TBI Basics

What is a TBI?

  • A traumatic brain injury (TBI) can be classified as mild, moderate, severe or penetrating. The severity is determined at the time of injury.
  • A TBI is a blow or jolt to the head that disrupts the normal function of the brain. It may knock you out briefly or for an extended period of time, or make you feel confused or “see stars” (alteration of consciousness).
  • Not all blows or jolts to the head result in a TBI.
  • The most common form of TBI in the military is mild. Concussion is another word for a mild TBI.

What are the causes?

In the military, the leading causes of TBI both deployed and non-deployed are (in no particular order):

  • Blasts
  • Bullets
  • Fragments
  • Falls
  • Motor vehicle – crashes and rollovers
  • Sports
  • Assaults

In the deployed setting, blasts are the leading cause of TBI.

In the deployed setting, blasts are the leading cause of TBI.

Who is at greatest risk for TBI?

Those who are at a higher risk for sustaining TBIs are young men who are performing military duties, or have a history of prior concussion and/or substance abuse.

What are common signs and symptoms of TBI?

Physical

  • Headache
  • Sleep disturbance
  • Dizziness
  • Balance problems
  • Nausea/vomiting
  • Fatigue
  • Visual disturbances
  • Sensitivity to light
  • Ringing in the ears

Cognitive

  • Concentration problems
  • Temporary gaps in memory
  • Attention problems
  • Slowed thinking
  • Difficulty finding words

Emotional

  • Irritability
  • Anxiety
  • Depression
  • Mood swings

How long does recovery take?

  • Recovery is different for every person.
  • Most people recover from a concussion.
  • Symptoms usually begin to improve within hours and typically resolve completely within days to weeks.
  • Even after more than one concussion, full recovery is expected; however, every time an additional concussion is sustained, healing time might take longer.

What helps recovery from a concussion?

  • Be honest about symptoms with your medical provider.
  • Drink plenty of water.
  • Eat a healthy diet.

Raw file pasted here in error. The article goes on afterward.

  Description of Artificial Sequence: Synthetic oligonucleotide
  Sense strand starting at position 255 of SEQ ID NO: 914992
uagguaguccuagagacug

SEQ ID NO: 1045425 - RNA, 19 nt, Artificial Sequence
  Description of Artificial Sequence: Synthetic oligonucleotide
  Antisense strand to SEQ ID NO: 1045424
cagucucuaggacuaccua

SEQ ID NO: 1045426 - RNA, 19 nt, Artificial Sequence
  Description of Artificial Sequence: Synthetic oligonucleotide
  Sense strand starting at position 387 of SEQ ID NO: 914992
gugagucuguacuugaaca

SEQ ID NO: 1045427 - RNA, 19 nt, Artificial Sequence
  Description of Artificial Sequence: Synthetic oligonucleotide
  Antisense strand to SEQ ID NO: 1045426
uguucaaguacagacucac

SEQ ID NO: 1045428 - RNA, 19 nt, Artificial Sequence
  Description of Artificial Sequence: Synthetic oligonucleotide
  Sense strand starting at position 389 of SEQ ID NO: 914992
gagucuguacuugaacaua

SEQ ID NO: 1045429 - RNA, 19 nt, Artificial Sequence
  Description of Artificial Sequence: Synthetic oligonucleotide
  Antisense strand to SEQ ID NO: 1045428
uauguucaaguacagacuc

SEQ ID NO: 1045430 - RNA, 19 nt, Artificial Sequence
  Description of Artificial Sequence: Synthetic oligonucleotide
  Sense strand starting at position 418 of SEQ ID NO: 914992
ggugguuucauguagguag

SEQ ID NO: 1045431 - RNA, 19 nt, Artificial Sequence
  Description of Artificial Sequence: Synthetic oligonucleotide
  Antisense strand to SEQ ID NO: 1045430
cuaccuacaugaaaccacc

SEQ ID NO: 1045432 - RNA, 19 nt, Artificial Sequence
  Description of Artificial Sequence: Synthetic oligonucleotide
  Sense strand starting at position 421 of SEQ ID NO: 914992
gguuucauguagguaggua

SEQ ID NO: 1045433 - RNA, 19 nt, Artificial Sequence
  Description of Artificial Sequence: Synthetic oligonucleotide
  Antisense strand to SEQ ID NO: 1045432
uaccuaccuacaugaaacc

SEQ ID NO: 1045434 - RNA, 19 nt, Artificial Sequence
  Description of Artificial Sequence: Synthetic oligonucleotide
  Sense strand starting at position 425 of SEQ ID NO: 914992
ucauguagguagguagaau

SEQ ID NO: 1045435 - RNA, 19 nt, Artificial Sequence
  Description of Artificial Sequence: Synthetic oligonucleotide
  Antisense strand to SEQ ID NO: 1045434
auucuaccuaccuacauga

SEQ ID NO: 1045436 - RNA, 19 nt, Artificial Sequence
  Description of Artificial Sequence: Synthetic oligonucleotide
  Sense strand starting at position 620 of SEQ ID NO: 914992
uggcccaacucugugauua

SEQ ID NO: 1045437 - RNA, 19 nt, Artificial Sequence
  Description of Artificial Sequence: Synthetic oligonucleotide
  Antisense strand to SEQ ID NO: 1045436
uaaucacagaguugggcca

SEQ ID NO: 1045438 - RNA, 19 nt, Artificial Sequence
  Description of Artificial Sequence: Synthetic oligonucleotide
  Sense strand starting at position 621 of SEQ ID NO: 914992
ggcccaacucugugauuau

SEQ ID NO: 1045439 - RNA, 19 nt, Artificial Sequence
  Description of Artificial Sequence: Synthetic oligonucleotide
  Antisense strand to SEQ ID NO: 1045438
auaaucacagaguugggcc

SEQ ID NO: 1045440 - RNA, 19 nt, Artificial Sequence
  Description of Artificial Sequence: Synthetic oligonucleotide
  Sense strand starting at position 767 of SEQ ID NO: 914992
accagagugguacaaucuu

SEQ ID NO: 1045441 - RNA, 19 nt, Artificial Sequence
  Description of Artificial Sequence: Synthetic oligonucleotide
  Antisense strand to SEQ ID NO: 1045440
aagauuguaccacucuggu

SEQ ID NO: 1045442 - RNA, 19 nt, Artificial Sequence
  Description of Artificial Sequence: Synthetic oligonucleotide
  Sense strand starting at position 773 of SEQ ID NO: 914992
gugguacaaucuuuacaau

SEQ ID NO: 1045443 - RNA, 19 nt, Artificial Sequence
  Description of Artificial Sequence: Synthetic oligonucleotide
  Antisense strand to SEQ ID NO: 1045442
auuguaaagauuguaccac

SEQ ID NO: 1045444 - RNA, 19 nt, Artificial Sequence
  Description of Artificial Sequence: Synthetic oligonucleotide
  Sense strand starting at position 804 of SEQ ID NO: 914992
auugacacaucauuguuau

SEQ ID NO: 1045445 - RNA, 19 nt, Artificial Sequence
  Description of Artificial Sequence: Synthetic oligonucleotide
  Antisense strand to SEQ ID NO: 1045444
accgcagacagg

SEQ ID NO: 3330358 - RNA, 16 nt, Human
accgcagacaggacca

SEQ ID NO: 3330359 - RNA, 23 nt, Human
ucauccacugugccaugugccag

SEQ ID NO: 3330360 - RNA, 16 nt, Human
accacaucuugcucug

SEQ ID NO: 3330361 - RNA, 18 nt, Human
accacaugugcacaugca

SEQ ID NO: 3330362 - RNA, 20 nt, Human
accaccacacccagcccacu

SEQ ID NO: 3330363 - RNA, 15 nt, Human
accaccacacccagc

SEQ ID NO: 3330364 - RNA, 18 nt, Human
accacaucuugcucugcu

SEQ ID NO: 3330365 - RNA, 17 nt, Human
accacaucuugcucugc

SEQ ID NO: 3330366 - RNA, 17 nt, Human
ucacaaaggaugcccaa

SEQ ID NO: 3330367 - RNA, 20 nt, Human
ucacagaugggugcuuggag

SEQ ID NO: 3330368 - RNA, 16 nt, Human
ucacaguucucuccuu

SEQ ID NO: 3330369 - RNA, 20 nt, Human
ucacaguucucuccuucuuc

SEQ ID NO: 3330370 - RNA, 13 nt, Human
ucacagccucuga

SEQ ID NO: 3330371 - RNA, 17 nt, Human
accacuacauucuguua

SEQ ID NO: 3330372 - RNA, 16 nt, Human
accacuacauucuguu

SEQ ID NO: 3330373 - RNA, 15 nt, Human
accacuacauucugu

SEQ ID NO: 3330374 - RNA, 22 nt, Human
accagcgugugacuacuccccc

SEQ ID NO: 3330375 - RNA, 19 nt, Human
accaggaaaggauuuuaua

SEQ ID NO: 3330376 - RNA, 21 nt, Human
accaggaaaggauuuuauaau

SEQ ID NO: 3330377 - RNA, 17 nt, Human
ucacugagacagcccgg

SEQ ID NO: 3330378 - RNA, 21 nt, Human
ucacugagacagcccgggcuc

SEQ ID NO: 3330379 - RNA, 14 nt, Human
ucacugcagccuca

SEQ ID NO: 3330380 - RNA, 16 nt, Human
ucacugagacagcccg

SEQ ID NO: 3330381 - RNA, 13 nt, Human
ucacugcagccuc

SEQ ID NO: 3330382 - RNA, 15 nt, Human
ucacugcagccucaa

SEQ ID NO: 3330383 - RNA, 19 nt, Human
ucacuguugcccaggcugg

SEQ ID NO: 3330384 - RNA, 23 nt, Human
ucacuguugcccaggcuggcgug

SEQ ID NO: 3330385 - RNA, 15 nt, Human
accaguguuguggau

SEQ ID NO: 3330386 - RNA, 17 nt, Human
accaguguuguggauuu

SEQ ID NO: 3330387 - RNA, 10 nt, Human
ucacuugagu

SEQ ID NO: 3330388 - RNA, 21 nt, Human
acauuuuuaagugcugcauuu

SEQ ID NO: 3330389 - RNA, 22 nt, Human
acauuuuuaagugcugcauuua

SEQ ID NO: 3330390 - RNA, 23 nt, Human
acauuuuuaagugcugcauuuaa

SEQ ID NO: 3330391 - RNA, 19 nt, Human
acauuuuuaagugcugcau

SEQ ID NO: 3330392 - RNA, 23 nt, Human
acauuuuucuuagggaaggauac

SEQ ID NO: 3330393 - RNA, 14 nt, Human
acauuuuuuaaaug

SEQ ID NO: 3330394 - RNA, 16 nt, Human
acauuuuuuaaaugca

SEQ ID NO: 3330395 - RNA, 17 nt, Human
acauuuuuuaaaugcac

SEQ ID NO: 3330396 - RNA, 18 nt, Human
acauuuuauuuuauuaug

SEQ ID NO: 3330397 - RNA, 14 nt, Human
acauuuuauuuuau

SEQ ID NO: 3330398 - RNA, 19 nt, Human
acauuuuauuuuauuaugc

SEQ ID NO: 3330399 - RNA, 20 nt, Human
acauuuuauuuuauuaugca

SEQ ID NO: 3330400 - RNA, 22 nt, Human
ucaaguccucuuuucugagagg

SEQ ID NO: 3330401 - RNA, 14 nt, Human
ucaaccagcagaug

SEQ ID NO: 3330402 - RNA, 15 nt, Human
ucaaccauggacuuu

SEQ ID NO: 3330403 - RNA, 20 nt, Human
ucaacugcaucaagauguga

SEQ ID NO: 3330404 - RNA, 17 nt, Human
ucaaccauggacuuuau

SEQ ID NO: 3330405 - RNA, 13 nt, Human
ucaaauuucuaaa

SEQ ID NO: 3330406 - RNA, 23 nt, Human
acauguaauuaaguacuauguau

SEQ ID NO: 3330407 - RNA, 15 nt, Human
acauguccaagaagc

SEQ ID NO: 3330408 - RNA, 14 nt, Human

• Rest during the day — don’t overexert — mentally or physically.
  • Get plenty of sleep at night.
  • Avoid smoking or drinking alcohol.
  • Avoid over-the-counter medications unless prescribed by a provider.
  • Take prescribed medications as directed by a provider.
  • Avoid caffeine and “energy-enhancing” products.
  • Take precautions to avoid another concussion: Avoid contact sports, combatives, etc.
  • Stay engaged with family members and medical provider.
  • If symptoms persist or worsen, see a medical provider.
  • Be patient. Give the brain time to heal.

Warning signs

  • Worsening headaches
  • Worsening balance
  • Double vision or other vision changes
  • Decreased level of alertness
  • Increased disorientation
  • Repeated vomiting
  • Seizures
  • Unusual behavior
  • Amnesia/memory problems

What are some coping tips?

  • Write things down; carry a small pad and pen.
  • Store important items, such as your keys or your wallet, in the same designated place to keep from losing them.
  • Keep a steady pace. Take breaks as needed.
  • Focus on one thing at a time.
  • Perform tasks in a quiet, non-distracting environment.
  • If feeling irritable or angry, try relaxation techniques and/or walking away from the situation.

Think about the obvious:

  • Are you irritable or having trouble concentrating? Are you getting enough sleep?
  • Are you having trouble sleeping? Are you drinking energy drinks or alcohol?

This information is not intended as a substitute for advice from a medical provider. Consult a medical provider if you may have suffered a concussion. Be honest about the injury event, symptoms and any self-medicating you may be doing or have done.

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